It's ridiculously fast (the example command has a bandwith request of 100Mb/s, but I've used 400Mb/s before, depends on your local setup), then you can dump the fastq from the downloaded .sra file using the toolkit's fastq-dump --split-3)
I would like to share my twist and turns with SRA download. It took several interactions with NCBI staff to figure this out. below are the steps:
sra-toolkit and aspera plugin installed. The instructions are specific to Linux environment.
The workspace for downloading the SRA data must be cached. Although SRA-toolkit is installed centrally, this need to be set manually for every user. Please follow this link and navigate to the section Configuring the Toolkit.
Assuming sra-toolkit is installed or loaded, run the following command and complete setup as mentioned in the link.
Download SRA file
prefetch -X 200G SRR2095320 -a "/depot/bioinfo/apps/apps/aspera-connect-22.214.171.124545/bin/ascp|/depot/bioinfo/apps/apps/aspera-connect-126.96.36.199545/etc/asperaweb_id_dsa.putty"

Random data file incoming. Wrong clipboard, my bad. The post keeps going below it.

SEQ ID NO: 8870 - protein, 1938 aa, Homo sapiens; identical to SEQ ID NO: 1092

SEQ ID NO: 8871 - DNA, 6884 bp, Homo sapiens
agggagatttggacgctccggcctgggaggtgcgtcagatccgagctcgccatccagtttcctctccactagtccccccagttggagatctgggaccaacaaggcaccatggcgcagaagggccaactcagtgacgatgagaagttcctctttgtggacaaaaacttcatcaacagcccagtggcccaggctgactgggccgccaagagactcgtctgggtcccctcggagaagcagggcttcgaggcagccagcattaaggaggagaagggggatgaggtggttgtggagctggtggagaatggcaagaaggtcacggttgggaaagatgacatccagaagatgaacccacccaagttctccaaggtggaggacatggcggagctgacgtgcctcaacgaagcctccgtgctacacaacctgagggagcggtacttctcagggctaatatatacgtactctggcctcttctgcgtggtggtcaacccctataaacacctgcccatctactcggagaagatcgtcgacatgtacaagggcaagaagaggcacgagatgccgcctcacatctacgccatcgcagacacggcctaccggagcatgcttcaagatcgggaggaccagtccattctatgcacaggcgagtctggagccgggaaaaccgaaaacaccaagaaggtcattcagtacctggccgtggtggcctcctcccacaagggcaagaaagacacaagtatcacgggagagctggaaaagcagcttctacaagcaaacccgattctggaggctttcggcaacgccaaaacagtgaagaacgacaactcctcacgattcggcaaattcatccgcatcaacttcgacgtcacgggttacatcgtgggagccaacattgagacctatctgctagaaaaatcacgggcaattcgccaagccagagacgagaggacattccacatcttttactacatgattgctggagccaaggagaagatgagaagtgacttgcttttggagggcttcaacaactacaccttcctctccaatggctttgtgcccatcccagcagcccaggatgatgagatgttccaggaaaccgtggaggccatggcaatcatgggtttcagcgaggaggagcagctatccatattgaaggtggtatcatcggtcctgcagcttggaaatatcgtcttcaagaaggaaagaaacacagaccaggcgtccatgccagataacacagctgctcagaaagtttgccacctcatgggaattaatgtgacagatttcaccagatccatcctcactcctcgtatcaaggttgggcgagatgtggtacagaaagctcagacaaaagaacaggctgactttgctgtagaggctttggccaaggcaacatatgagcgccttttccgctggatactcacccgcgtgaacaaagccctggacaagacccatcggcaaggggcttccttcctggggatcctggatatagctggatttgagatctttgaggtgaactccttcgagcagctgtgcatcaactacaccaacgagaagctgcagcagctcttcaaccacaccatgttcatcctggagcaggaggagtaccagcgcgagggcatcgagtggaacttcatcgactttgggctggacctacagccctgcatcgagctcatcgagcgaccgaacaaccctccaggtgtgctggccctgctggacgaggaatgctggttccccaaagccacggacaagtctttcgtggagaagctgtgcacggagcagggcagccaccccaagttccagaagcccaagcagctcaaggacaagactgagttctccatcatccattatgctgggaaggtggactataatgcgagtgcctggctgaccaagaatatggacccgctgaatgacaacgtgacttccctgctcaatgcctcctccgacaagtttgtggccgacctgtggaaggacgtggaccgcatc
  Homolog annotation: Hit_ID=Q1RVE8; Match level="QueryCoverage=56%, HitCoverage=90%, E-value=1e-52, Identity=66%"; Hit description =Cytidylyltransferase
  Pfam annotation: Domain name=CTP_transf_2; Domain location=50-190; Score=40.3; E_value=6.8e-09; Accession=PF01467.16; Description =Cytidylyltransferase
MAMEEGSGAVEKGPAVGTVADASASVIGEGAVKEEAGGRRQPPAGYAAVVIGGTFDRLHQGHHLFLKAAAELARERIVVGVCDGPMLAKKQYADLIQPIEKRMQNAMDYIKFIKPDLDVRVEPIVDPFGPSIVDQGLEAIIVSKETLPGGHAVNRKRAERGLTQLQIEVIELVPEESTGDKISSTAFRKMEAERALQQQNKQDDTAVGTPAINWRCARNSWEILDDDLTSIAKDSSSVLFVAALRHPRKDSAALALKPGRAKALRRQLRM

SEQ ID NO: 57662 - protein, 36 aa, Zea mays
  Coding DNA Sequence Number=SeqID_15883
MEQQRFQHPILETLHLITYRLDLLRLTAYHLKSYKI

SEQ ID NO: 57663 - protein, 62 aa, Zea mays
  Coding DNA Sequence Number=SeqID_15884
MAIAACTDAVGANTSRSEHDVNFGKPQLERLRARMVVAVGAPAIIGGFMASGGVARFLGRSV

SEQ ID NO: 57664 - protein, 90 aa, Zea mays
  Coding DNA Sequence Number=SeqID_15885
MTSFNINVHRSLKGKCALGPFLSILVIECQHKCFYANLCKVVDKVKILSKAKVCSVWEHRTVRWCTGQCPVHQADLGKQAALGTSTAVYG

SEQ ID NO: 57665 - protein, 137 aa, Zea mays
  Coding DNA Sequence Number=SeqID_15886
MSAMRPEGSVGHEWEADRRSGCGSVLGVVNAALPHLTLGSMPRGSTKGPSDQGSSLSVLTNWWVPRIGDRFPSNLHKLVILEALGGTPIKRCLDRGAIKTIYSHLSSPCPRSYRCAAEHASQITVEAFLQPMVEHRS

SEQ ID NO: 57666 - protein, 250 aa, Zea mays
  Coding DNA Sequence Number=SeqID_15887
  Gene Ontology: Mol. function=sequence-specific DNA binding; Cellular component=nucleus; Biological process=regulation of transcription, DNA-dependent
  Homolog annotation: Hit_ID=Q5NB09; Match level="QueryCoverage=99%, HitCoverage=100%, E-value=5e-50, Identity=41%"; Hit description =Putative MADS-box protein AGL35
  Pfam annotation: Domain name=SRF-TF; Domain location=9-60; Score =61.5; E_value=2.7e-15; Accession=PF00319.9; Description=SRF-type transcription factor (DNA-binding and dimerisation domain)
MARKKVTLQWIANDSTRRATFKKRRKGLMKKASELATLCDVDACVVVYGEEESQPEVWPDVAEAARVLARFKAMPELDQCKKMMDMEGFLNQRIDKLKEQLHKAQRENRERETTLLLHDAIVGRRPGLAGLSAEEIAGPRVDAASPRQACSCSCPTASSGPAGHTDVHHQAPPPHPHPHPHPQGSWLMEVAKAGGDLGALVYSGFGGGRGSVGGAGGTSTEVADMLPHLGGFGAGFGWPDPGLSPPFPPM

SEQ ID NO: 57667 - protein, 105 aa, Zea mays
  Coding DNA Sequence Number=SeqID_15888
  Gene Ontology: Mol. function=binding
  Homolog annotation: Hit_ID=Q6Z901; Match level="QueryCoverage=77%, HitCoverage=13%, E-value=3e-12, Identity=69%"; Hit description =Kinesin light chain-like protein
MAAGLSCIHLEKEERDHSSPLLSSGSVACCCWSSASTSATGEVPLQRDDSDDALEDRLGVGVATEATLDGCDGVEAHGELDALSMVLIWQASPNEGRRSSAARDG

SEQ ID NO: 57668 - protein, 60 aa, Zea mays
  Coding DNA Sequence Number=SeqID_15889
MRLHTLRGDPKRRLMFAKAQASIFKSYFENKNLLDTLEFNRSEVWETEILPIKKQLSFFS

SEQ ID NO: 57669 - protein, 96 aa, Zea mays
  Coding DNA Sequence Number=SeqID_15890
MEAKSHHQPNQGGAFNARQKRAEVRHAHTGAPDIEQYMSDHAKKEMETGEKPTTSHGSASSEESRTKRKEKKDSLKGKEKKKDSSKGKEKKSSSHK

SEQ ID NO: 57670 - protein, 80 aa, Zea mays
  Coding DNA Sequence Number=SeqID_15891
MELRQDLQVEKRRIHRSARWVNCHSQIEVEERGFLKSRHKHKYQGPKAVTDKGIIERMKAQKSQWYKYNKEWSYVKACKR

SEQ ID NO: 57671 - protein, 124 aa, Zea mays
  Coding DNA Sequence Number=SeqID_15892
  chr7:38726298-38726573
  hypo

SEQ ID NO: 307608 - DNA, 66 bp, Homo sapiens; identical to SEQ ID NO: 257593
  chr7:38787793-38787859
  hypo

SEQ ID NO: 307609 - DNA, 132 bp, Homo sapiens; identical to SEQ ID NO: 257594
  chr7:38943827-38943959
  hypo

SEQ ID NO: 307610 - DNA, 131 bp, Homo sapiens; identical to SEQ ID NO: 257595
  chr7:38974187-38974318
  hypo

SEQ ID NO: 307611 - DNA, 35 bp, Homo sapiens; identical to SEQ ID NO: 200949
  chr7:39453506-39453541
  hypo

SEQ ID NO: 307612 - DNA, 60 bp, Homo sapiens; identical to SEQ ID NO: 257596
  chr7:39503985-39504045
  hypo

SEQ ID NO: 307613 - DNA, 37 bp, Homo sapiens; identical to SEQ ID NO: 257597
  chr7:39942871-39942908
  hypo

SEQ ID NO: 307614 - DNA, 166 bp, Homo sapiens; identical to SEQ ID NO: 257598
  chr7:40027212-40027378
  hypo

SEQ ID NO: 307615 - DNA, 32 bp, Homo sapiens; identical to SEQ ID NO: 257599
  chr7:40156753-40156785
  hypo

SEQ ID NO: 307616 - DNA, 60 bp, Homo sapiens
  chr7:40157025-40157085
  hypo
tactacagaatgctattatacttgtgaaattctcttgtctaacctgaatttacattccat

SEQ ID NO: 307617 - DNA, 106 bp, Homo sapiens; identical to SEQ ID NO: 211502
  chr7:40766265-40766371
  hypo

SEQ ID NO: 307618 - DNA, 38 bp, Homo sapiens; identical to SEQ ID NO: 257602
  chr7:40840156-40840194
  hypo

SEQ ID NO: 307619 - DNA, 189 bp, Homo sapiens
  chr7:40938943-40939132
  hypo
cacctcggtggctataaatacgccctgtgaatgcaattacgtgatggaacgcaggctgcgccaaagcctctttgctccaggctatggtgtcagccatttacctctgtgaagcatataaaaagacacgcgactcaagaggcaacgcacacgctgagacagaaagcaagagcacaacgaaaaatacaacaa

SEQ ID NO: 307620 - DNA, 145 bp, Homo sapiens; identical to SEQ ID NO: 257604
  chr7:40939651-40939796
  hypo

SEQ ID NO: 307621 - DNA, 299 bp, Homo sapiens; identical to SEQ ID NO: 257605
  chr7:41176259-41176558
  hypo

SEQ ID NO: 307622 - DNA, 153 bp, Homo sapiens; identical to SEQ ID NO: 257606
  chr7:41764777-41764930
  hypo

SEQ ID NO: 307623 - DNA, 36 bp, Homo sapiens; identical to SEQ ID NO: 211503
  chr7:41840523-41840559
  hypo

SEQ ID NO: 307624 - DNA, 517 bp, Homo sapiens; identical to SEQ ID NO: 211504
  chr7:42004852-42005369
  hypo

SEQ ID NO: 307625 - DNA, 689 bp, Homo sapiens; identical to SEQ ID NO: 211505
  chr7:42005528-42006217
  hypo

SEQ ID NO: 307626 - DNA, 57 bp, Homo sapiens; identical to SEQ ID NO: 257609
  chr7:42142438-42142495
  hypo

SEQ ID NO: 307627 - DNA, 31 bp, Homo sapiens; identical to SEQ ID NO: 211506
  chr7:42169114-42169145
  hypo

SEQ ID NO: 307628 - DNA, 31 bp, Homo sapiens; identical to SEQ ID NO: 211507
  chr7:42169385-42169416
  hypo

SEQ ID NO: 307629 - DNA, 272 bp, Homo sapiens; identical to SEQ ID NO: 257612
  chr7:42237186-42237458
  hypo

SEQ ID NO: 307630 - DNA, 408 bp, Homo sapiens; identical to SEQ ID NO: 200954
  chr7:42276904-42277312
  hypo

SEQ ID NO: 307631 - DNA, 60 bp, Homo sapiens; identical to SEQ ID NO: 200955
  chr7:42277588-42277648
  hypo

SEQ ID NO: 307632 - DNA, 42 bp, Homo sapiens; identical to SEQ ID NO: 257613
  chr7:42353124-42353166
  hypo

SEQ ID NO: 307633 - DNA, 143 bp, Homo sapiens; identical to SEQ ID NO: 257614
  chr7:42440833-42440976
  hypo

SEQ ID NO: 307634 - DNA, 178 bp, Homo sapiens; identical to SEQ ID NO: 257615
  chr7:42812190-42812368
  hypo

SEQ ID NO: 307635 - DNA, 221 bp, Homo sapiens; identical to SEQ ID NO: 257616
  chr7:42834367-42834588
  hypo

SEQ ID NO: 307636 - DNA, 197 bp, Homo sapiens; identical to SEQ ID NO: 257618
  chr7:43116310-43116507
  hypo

where "-a" specify the path for the aspera binary and private key file. Prefetch will download the SRA data as well as all needed references to your local cache. This prevents sending multiple requests to NCBI servers and save substantial time.
Demultiplex with sra-toolkit
fastq-dump -I --split-files ./SRR2095320.sra
I found above approach extremely fast. using this approach 44GB file for SRR2095320.sra was downloaded, prefetched and converted to (151 GB R1 + 151 GB R2) data in about 25 hours using 10 processors. While using only the standard fastq-dump in >70 hours it could only convert (80 GB R1 + 80 GB R2) and job failed because of the connection issue.
Are you able to get use fastq files (which you can then align yourself)? If so get them from EBI-ENA example.
It's quite likely that what you're getting is an unaligned BAM file, which is largely useless.
You can easily check fo alignment information in the sra run browser.
I had a conversation with the SRA team once where they explained to me that they really optimized SRA for generating FASTQ and running BLAST queries and not for generating SAM. I’ve noticed that SAM dump is usually slower than I’d like, but if you're truly getting alignment info I’m sure you’re saving time over aligning the FASTQ.
Nice, I'd never noticed the alignment window there before (it's unfortunate that this dataset used NCBI "chromosome names"). I guess I've never been trusting enough of what other people did to want to actually use their alignments...
Maybe you can try aspera.